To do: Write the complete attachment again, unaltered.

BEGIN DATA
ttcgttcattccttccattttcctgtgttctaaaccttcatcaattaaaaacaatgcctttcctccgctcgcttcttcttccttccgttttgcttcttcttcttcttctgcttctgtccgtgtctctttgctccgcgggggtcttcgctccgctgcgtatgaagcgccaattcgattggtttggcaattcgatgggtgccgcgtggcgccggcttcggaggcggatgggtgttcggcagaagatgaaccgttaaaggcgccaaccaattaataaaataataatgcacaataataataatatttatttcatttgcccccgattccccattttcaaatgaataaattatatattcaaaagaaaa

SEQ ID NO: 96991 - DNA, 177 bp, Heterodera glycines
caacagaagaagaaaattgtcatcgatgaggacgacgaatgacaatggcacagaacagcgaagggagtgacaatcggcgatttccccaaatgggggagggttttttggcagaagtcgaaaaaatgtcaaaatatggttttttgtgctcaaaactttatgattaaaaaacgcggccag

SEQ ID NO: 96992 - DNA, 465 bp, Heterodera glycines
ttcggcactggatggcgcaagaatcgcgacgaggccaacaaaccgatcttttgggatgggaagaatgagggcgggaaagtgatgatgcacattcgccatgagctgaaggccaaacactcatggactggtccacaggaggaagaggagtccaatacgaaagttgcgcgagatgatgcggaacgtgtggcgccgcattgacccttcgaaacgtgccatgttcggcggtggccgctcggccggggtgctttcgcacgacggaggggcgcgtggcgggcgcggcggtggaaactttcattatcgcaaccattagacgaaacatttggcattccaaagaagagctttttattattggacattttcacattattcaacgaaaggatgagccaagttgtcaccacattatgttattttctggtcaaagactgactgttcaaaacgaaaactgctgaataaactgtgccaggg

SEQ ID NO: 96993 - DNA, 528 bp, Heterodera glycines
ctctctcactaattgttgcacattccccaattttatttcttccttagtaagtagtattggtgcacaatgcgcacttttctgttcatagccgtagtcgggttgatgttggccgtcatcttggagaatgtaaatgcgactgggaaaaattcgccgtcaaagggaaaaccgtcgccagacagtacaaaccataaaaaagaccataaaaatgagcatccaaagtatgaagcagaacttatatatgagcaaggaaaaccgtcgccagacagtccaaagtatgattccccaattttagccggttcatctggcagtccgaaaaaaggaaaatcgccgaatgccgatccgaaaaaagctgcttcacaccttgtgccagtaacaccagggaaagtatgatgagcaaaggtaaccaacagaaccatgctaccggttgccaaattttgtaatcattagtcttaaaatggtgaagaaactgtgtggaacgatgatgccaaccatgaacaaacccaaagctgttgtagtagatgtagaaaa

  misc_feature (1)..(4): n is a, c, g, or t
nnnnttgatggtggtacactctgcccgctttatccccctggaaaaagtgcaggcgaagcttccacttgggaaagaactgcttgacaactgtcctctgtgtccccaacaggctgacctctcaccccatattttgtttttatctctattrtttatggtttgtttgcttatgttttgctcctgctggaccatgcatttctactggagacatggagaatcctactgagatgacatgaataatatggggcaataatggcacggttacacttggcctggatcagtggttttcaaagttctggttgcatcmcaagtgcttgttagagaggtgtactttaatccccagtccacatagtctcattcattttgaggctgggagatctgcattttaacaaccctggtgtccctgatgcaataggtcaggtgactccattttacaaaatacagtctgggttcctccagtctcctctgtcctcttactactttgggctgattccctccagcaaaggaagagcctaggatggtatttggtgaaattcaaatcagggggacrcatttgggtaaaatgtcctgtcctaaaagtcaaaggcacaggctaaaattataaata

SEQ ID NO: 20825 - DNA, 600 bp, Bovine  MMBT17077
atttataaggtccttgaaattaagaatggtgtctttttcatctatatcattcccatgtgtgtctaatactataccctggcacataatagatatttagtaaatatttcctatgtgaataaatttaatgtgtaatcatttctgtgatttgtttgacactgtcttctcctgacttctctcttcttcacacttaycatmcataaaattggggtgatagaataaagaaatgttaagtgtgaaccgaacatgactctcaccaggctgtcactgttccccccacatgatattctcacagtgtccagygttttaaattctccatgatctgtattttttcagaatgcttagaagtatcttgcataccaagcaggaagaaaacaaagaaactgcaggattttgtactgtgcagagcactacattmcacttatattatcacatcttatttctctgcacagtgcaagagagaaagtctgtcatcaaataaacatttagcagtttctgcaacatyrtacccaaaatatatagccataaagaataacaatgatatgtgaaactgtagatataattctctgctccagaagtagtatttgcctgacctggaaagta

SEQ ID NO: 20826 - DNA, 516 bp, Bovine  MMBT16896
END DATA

ttcgttcattccttccattttcctgtgttctaaaccttcatcaattaaaaacaatgcctttcctccgctcgcttcttcttccttccgttttgcttcttcttcttcttctgcttctgtccgtgtctctttgctccgcgggggtcttcgctccgctgcgtatgaagcgccaattcgattggtttggcaattcgatgggtgccgcgtggcgccggcttcggaggcggatgggtgttcggcagaagatgaaccgttaaaggcgccaaccaattaataaaataataatgcacaataataataatatttatttcatttgcccccgattccccattttcaaatgaataaattatatattcaaaagaaaa

SEQ ID NO: 96991 - DNA, 177 bp, Heterodera glycines
caacagaagaagaaaattgtcatcgatgaggacgacgaatgacaatggcacagaacagcgaagggagtgacaatcggcgatttccccaaatgggggagggttttttggcagaagtcgaaaaaatgtcaaaatatggttttttgtgctcaaaactttatgattaaaaaacgcggccag

SEQ ID NO: 96992 - DNA, 465 bp, Heterodera glycines
ttcggcactggatggcgcaagaatcgcgacgaggccaacaaaccgatcttttgggatgggaagaatgagggcgggaaagtgatgatgcacattcgccatgagctgaaggccaaacactcatggactggtccacaggaggaagaggagtccaatacgaaagttgcgcgagatgatgcggaacgtgtggcgccgcattgacccttcgaaacgtgccatgttcggcggtggccgctcggccggggtgctttcgcacgacggaggggcgcgtggcgggcgcggcggtggaaactttcattatcgcaaccattagacgaaacatttggcattccaaagaagagctttttattattggacattttcacattattcaacgaaaggatgagccaagttgtcaccacattatgttattttctggtcaaagactgactgttcaaaacgaaaactgctgaataaactgtgccaggg

SEQ ID NO: 96993 - DNA, 528 bp, Heterodera glycines
ctctctcactaattgttgcacattccccaattttatttcttccttagtaagtagtattggtgcacaatgcgcacttttctgttcatagccgtagtcgggttgatgttggccgtcatcttggagaatgtaaatgcgactgggaaaaattcgccgtcaaagggaaaaccgtcgccagacagtacaaaccataaaaaagaccataaaaatgagcatccaaagtatgaagcagaacttatatatgagcaaggaaaaccgtcgccagacagtccaaagtatgattccccaattttagccggttcatctggcagtccgaaaaaaggaaaatcgccgaatgccgatccgaaaaaagctgcttcacaccttgtgccagtaacaccagggaaagtatgatgagcaaaggtaaccaacagaaccatgctaccggttgccaaattttgtaatcattagtcttaaaatggtgaagaaactgtgtggaacgatgatgccaaccatgaacaaacccaaagctgttgtagtagatgtagaaaa

  misc_feature (1)..(4): n is a, c, g, or t
nnnnttgatggtggtacactctgcccgctttatccccctggaaaaagtgcaggcgaagcttccacttgggaaagaactgcttgacaactgtcctctgtgtccccaacaggctgacctctcaccccatattttgtttttatctctattrtttatggtttgtttgcttatgttttgctcctgctggaccatgcatttctactggagacatggagaatcctactgagatgacatgaataatatggggcaataatggcacggttacacttggcctggatcagtggttttcaaagttctggttgcatcmcaagtgcttgttagagaggtgtactttaatccccagtccacatagtctcattcattttgaggctgggagatctgcattttaacaaccctggtgtccctgatgcaataggtcaggtgactccattttacaaaatacagtctgggttcctccagtctcctctgtcctcttactactttgggctgattccctccagcaaaggaagagcctaggatggtatttggtgaaattcaaatcagggggacrcatttgggtaaaatgtcctgtcctaaaagtcaaaggcacaggctaaaattataaata

SEQ ID NO: 20825 - DNA, 600 bp, Bovine  MMBT17077
atttataaggtccttgaaattaagaatggtgtctttttcatctatatcattcccatgtgtgtctaatactataccctggcacataatagatatttagtaaatatttcctatgtgaataaatttaatgtgtaatcatttctgtgatttgtttgacactgtcttctcctgacttctctcttcttcacacttaycatmcataaaattggggtgatagaataaagaaatgttaagtgtgaaccgaacatgactctcaccaggctgtcactgttccccccacatgatattctcacagtgtccagygttttaaattctccatgatctgtattttttcagaatgcttagaagtatcttgcataccaagcaggaagaaaacaaagaaactgcaggattttgtactgtgcagagcactacattmcacttatattatcacatcttatttctctgcacagtgcaagagagaaagtctgtcatcaaataaacatttagcagtttctgcaacatyrtacccaaaatatatagccataaagaataacaatgatatgtgaaactgtagatataattctctgctccagaagtagtatttgcctgacctggaaagta

SEQ ID NO: 20826 - DNA, 516 bp, Bovine  MMBT16896